By Ken Reed
Nobody has been hit harder by all the sporting event cancellations caused by Covid-19 than low-wage workers at stadiums and arenas across the country.
Some pro sports owners have recognized this and are coming to the assistance of these workers.
Dallas Mavericks owner Mark Cuban has been leading the way in this area. When NBA games were cancelled, he quickly made a commitment to support all the arena workers inside American Airlines Center, home of the Mavericks.
“I reached out to the folks at the arena and our folks at the Mavs to find out what it would cost to support, financially support, people who aren’t going to be able to come to work. They get paid by the hour, and this was their source of income.”
Atlanta Hawks owner Tony Ressler also said his organization will take care of its part-time workers.
MLB owners pledged $1 million each to support ballpark workers impacted by the shutdown.
On the other side of the coin are owners who not only aren’t financially helping their low-wage workers, they are actually cutting salaries and/or laying off workers. Boston Bruins owner Jeremy Jacobs, who’s reportedly worth $3.3 billion according to Forbes, announced employee cuts after “difficult and painful deliberations.” Houston Rockets owner Tilman Fertitta has reportedly laid off 40,000 employees at his businesses. Philadelphia 76ers and New Jersey Devils owner Josh Harris was planning to cut employee salaries by 20%. However, after a public outcry he stopped those plans.
The employees most impacted by these decisions are often those who are literally surviving paycheck to paycheck. And if they miss a single check something has to give, whether it’s the rent, mortgage payment, groceries, or medicine for a family member.
Undoubtedly, these super-wealthy owners are going to feel some financial discomfort during this pandemic, but it’s all relative. Their basics — food, shelter and medicine — are covered. Their lifestyles won’t be significantly impacted. That’s not the case for their low-wage workers.
As Nancy Armour of USA Today pointed out recently, the general public in one way or the other has helped these owners thrive financially through the years, whether it be through publicly-financed stadiums, free or cheap public land to build their sports palaces on, huge tax breaks, or just police officers directing traffic on game days.
Jacobs, for instance, built his team’s TD Garden on public land. Fertitta gets to have his team play in an arena, the Toyota Center, built with public money.
Bottom line, these pro sports owners — who have benefitted so greatly from public tax dollars — have an ethical obligation to be better community citizens.
As Armour so adroitly puts it, “Workers aren’t looking for a handout like their billionaire bosses have gotten. Just a helping hand.”
— Ken Reed, Sports Policy Director, League of Fans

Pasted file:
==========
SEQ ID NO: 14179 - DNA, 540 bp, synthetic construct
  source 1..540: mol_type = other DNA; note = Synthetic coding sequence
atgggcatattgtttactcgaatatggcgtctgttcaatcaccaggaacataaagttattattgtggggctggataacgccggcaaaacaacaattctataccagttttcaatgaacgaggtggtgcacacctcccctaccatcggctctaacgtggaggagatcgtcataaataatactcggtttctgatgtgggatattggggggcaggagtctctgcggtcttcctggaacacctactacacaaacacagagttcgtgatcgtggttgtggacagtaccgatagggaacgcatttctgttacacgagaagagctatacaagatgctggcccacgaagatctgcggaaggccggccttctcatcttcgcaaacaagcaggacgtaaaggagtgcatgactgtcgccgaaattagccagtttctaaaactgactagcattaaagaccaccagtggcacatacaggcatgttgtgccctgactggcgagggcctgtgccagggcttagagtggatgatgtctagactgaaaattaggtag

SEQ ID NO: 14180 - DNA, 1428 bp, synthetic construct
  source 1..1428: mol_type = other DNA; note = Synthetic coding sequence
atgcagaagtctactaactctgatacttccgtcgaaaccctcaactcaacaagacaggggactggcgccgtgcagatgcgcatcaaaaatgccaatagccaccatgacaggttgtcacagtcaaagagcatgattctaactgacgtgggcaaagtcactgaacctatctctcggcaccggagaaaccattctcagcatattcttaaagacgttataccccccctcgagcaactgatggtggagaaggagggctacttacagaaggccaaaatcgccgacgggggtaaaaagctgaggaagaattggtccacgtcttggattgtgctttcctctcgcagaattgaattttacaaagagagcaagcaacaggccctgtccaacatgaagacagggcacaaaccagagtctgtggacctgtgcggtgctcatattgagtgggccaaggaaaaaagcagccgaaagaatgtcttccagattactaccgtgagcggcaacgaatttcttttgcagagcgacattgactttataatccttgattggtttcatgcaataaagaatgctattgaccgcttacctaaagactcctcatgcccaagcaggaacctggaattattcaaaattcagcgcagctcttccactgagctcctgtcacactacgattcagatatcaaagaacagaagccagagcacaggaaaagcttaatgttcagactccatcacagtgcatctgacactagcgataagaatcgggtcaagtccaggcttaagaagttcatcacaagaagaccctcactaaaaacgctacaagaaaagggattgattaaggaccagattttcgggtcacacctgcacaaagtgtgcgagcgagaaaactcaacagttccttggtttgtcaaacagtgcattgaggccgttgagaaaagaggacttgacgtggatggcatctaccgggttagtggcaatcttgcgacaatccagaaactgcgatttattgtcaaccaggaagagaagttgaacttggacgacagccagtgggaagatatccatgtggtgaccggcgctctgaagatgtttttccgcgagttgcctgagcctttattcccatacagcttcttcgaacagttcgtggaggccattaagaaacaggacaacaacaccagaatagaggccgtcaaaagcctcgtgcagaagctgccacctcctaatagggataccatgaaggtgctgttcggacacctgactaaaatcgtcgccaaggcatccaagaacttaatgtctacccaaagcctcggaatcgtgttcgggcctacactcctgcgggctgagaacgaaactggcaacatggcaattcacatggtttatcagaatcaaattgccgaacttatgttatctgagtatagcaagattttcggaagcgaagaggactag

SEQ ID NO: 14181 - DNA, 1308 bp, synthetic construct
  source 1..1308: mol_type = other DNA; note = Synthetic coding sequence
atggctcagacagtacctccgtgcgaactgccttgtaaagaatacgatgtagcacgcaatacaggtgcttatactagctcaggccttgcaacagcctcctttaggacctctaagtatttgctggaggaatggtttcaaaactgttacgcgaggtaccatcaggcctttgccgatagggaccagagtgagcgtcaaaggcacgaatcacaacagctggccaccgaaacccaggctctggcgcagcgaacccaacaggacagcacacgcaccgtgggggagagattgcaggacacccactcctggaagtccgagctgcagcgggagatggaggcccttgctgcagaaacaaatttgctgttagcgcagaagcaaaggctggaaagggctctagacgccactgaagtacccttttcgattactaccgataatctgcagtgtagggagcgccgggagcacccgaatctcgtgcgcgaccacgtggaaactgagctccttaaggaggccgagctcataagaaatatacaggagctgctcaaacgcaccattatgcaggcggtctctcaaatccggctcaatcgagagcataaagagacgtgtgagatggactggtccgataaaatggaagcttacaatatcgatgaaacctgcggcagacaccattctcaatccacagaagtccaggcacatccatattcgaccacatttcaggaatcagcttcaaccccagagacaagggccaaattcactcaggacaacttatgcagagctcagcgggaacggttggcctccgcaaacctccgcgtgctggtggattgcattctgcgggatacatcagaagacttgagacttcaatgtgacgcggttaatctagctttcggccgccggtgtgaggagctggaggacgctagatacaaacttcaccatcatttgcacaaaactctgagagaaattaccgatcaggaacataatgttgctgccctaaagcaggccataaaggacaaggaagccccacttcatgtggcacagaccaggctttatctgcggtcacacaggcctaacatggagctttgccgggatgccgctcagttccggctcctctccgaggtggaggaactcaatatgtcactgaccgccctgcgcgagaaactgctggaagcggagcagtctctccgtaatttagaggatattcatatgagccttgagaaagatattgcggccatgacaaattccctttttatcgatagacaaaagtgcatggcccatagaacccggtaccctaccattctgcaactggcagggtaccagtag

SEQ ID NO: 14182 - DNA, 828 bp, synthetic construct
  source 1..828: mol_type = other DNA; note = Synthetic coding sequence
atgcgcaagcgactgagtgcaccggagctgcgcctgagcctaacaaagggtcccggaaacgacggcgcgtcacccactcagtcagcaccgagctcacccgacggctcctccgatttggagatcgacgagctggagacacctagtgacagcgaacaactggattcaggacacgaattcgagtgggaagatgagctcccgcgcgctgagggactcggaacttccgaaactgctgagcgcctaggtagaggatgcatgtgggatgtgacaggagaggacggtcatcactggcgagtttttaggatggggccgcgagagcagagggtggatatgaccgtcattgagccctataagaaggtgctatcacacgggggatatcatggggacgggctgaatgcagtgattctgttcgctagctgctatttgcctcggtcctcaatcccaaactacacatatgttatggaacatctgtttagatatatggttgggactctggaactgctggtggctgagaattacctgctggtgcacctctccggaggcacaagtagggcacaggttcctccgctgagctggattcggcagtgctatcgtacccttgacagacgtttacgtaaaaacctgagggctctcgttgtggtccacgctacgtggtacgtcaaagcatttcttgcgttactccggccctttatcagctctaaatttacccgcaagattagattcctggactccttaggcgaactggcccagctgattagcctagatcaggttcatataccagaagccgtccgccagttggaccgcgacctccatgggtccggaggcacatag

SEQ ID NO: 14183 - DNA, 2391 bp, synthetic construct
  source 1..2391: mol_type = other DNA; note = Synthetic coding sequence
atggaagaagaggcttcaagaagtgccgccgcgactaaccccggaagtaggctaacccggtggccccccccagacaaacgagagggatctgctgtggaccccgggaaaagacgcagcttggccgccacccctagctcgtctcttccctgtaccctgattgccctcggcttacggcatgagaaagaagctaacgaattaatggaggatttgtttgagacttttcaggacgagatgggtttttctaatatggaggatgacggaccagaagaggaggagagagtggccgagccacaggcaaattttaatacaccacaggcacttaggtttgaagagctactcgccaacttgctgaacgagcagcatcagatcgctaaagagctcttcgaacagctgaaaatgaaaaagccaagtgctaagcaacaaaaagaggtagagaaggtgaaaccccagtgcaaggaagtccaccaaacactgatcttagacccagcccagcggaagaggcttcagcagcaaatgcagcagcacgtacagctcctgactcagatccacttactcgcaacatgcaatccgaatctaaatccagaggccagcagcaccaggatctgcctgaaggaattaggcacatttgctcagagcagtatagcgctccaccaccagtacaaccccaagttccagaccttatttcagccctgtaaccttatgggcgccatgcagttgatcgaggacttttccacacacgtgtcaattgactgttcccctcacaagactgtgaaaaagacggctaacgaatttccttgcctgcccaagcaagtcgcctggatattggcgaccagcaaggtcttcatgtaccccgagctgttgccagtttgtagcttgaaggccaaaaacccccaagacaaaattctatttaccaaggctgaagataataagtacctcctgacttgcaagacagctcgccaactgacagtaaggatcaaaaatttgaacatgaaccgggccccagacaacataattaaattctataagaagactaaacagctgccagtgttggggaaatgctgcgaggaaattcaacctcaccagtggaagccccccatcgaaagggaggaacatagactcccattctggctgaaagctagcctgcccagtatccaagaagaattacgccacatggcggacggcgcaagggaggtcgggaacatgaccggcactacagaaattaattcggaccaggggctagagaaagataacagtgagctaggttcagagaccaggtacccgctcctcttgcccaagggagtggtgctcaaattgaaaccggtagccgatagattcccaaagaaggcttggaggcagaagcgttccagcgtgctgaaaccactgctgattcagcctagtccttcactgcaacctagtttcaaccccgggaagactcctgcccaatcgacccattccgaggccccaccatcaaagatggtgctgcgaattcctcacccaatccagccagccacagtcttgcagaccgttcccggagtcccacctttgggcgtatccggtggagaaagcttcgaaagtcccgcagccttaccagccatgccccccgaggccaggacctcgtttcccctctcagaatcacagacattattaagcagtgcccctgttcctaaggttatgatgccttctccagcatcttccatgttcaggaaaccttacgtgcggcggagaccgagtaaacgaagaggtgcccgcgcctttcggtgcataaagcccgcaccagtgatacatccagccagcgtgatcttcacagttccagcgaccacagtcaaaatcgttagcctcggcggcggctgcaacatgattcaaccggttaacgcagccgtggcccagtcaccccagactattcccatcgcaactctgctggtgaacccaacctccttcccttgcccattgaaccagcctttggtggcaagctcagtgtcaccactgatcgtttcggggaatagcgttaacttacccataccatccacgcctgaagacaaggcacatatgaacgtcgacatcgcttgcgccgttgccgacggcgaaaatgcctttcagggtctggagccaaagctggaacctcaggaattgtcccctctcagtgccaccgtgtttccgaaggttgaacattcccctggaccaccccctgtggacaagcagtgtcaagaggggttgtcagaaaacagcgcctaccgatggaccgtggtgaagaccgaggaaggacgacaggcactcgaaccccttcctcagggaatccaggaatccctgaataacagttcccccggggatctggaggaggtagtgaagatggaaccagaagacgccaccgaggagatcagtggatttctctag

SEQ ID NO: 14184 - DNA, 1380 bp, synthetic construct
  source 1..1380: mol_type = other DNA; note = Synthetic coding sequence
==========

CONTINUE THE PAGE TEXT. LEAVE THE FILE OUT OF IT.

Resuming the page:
Sports Forum Podcast
Episode #6 – League of Fans’ Sports Forum podcast: The Need for Quality Physical Education in Our Schools is Greater Than Ever – The guest is Clayton Ellis, a SHAPE America board member, former national physical education teacher of the year, and one of our nation’s leading advocates for getting our young people to be more physically active.
Episode #5 – League of Fans’ Sports Forum podcast: Youth Sports with Positive Coaching Alliance Founder Jim Thompson – Thompson started Positive Coaching Alliance (PCA) in 1998 to help create a movement to transform the culture of youth sports from “win-at-all-costs” to a positive, character-building experience.
Episode #4 – League of Fans’ Sports Forum podcast: The Biggest Issue in Sports Today? Brain Trauma – The guest is Patrick Hruby, a journalist who has done extensive research and in-depth writing on the topic of brain trauma in sports, most notably football.
Episode #3 – League of Fans’ Sports Forum podcast: Coaching Styles with Sports Sociologist Jay Coakley – The guest is veteran sports sociologist Jay Coakley, a former college athlete who went on to earn a Ph.D. in Sociology from Notre Dame.
Episode #2 – League of Fans’ Sports Forum podcast: College & High School Athletics: Where Do We Go From Here? The guest is John Gerdy, a former college athlete and NCAA and SEC administrator who became a sports reformer later in his career.
Episode #1: The inaugural episode of League of Fans’ Sports Forum podcast. The topic is Title IX and equal opportunity in sports. The guest is long-time Title IX and civil rights activist Donna Lopiano.
Media"How We Can Save Sports" author Ken Reed appears on Fox & Friends to explain how there's "too much adult in youth sports."
Ken Reed appears on Mornings with Gail from KFKA Radio in Colorado to discuss bad parenting in youth athletics.
“Should College Athletes Be Paid?” Ken Reed on The Morning Show from Wisconsin Public Radio
Ken Reed appears on KGNU Community Radio in Colorado (at 02:30) to discuss equality in sports and Title IX.
Ken Reed appears on the Ralph Nader Radio Hour (at 38:35) to discuss his book The Sports Reformers: Working to Make the World of Sports a Better Place, and to talk about some current sports issues.
Sports & Torts – Ken Reed, Sports Policy Director, League of Fans – at the American Museum of Tort Law
League of Fans is a sports reform project founded by Ralph Nader to fight for the higher principles of justice, fair play, equal opportunity and civil rights in sports; and to encourage safety and civic responsibility in sports industry and culture.
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